(The Center Square) – More than 430,000 Illinois households with children under 14 may not have a parent who could stay home to supervise their online learning.
For parents who decide their pre-teen is responsible enough to stay home alone and learn, a murky state statute could get create confusion.
More Illinois school districts are opting to start the school year with only remote learning, sometimes with little notice, because of concerns about COVID-19 outbreaks, leaving working parents to either reduce hours or quit jobs or find another place their kids can go during the school day. The latter option can cost parents thousands of dollars.
Consumer advocates at Smart Dollar used 2018 Census data to tabulate what percentage of single-family households with kids under 14 years of age had full-time working parents.
Illinois matched national figures, showing 41 percent of the state’s more than 1 million single-family households didn’t have a parent who didn’t work full time.
Those thousands of parents who might think their young student is responsible enough to be home alone during the workday may be right, but the Department of Children and Family Services deems a neglected minor as “any minor under the age of 14 years whose parent or other person responsible for the minor’s welfare leaves the minor without supervision for an unreasonable period of time without regard for the mental or physical health, safety or welfare of that minor.”
The state statute says “for more than a period of 24 hours,” but an incident could remain on a parent’s record for years. In other states, school officials have reported dozens of families to state social workers after the children fail to log on for virtual classes.
Illinois’ law has a higher age than other states, partly because of a high-profile case in 1992. In that case, David and Sharon Schoo, in 1992 left their 9- and 4- year-old daughters alone in their home near St. Charles over Christmas while they vacationed in Mexico. The movie “Home Alone 2” was in theaters at the time and the story generated national headlines. A judge later sentenced the parents to two years of probation as part of a plea deal.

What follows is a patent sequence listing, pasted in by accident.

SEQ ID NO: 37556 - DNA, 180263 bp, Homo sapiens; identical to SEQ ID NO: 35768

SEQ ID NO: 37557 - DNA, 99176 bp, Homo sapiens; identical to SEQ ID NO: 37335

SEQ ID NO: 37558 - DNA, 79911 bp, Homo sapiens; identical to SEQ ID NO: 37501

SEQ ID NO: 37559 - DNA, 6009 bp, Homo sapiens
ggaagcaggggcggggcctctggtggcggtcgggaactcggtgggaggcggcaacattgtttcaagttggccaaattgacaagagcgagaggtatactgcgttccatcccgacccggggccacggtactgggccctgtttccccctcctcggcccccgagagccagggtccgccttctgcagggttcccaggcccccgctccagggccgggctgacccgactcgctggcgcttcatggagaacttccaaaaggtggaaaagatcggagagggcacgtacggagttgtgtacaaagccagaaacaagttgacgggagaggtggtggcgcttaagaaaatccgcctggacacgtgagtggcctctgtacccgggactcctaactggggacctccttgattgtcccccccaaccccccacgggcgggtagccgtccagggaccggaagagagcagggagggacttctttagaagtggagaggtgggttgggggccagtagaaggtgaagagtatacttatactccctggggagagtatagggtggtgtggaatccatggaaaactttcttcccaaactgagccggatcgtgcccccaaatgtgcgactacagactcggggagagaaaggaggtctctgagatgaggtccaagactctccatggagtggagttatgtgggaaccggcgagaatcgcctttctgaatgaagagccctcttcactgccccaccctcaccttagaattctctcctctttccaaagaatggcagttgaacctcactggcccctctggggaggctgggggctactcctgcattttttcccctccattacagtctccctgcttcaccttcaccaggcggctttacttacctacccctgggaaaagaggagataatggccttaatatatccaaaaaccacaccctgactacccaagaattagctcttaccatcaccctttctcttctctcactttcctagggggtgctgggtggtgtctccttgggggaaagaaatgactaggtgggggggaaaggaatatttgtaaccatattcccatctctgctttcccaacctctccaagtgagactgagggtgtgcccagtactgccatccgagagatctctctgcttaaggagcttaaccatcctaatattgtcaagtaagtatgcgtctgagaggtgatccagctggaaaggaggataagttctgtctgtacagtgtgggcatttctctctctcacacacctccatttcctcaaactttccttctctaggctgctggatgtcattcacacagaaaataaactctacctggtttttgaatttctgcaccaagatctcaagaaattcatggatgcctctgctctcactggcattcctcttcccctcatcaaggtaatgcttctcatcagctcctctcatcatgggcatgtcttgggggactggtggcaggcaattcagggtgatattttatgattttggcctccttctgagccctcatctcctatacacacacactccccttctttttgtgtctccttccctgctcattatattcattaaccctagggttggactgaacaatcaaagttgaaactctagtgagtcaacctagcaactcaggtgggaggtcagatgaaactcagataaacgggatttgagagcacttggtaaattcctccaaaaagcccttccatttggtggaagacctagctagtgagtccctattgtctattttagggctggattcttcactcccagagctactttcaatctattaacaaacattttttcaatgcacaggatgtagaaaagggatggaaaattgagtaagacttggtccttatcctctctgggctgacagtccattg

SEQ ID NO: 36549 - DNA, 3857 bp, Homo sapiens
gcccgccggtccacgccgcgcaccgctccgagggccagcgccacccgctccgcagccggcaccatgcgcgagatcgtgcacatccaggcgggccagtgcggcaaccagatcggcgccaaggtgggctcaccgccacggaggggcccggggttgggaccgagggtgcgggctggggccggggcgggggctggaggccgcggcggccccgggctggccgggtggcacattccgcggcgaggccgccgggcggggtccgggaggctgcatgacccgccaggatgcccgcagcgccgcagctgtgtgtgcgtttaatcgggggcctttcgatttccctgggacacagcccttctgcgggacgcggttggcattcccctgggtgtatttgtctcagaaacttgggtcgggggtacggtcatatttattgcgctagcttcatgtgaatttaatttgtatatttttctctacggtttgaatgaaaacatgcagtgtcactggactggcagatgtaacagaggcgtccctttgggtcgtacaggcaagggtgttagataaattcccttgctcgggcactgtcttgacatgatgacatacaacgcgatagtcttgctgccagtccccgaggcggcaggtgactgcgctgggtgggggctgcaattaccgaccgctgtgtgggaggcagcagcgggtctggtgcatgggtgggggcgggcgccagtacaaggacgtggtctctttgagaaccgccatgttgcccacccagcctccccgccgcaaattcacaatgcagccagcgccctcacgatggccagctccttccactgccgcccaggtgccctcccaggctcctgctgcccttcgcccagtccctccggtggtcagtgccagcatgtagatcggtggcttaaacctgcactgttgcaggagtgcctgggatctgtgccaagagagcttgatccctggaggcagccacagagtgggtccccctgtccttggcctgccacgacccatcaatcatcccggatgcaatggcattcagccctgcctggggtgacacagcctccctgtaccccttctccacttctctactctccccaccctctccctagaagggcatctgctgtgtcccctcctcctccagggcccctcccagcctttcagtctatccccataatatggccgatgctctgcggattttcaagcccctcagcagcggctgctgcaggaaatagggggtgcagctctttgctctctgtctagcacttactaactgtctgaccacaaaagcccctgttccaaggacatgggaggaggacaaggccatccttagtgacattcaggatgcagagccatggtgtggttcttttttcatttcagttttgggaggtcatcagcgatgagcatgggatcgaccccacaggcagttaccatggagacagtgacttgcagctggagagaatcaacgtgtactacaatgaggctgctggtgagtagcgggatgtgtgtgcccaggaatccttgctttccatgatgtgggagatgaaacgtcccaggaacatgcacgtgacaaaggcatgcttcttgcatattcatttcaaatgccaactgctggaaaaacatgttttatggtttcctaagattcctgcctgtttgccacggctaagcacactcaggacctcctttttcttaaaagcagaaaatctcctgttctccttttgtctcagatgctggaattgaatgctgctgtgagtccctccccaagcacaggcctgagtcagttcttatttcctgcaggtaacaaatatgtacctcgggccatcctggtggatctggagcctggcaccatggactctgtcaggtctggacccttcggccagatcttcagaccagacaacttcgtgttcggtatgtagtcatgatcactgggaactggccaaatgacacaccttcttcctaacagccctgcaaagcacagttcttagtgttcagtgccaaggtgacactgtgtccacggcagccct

Efforts to change the law in recent years have stalled, but state Rep. Joe Sosnowski, R-Rockford, plans to take another run at putting the age in the state law in line with other states.
“There’s inconsistent language and, according to our statutes, anybody under the age of 14 really needs to have an adult or supervision,” he said. “When we’re talking about virtual school and not having five days of school, it’s especially pertinent that the Legislature make sure that the laws that we have are consistent and allow parents that flexibility for those kids who are obviously mature enough to stay home.”
Kyle Hillman, director of legislative affairs at the National Association of Social Workers, Illinois Chapter, said it is legal to leave a minor home alone during the workday because of the phrase “for an unreasonable period of time” in the state law.
“Under Illinois law, that is perfectly legal to leave that child home alone as long as it’s a reasonable amount of time and you took care of their health and wellbeing,” he said.
Hillman said he opposed Sosnowski’s bill. He said the bill removes a weapon in a prosecutor’s arsenal to properly punish negligent parents. A better solution, he said, would be for the Illinois Department of Children and Family Services to clarify what is safe and what isn’t safe.
“A parent wants to know ‘as long as I leave my 12-year-old to do homeschool and I’ve taken care of all of these different things, I’m gonna be in the clear?’” he said. “That’s where I don’t think it needs a statutory change, I think it needs a DCFS advisory change.”
Cook County Sheriff Tom Dart sponsored the bill during his time as a state representative. When asked about his view of the legislation in light of widespread virtual learning, his office responded.
“The safety and well-being of children have always and will always be a priority for Sheriff Tom Dart. Now more than ever, children need to feel safe and secure with so much uncertainty with the pandemic,” a spokesperson said.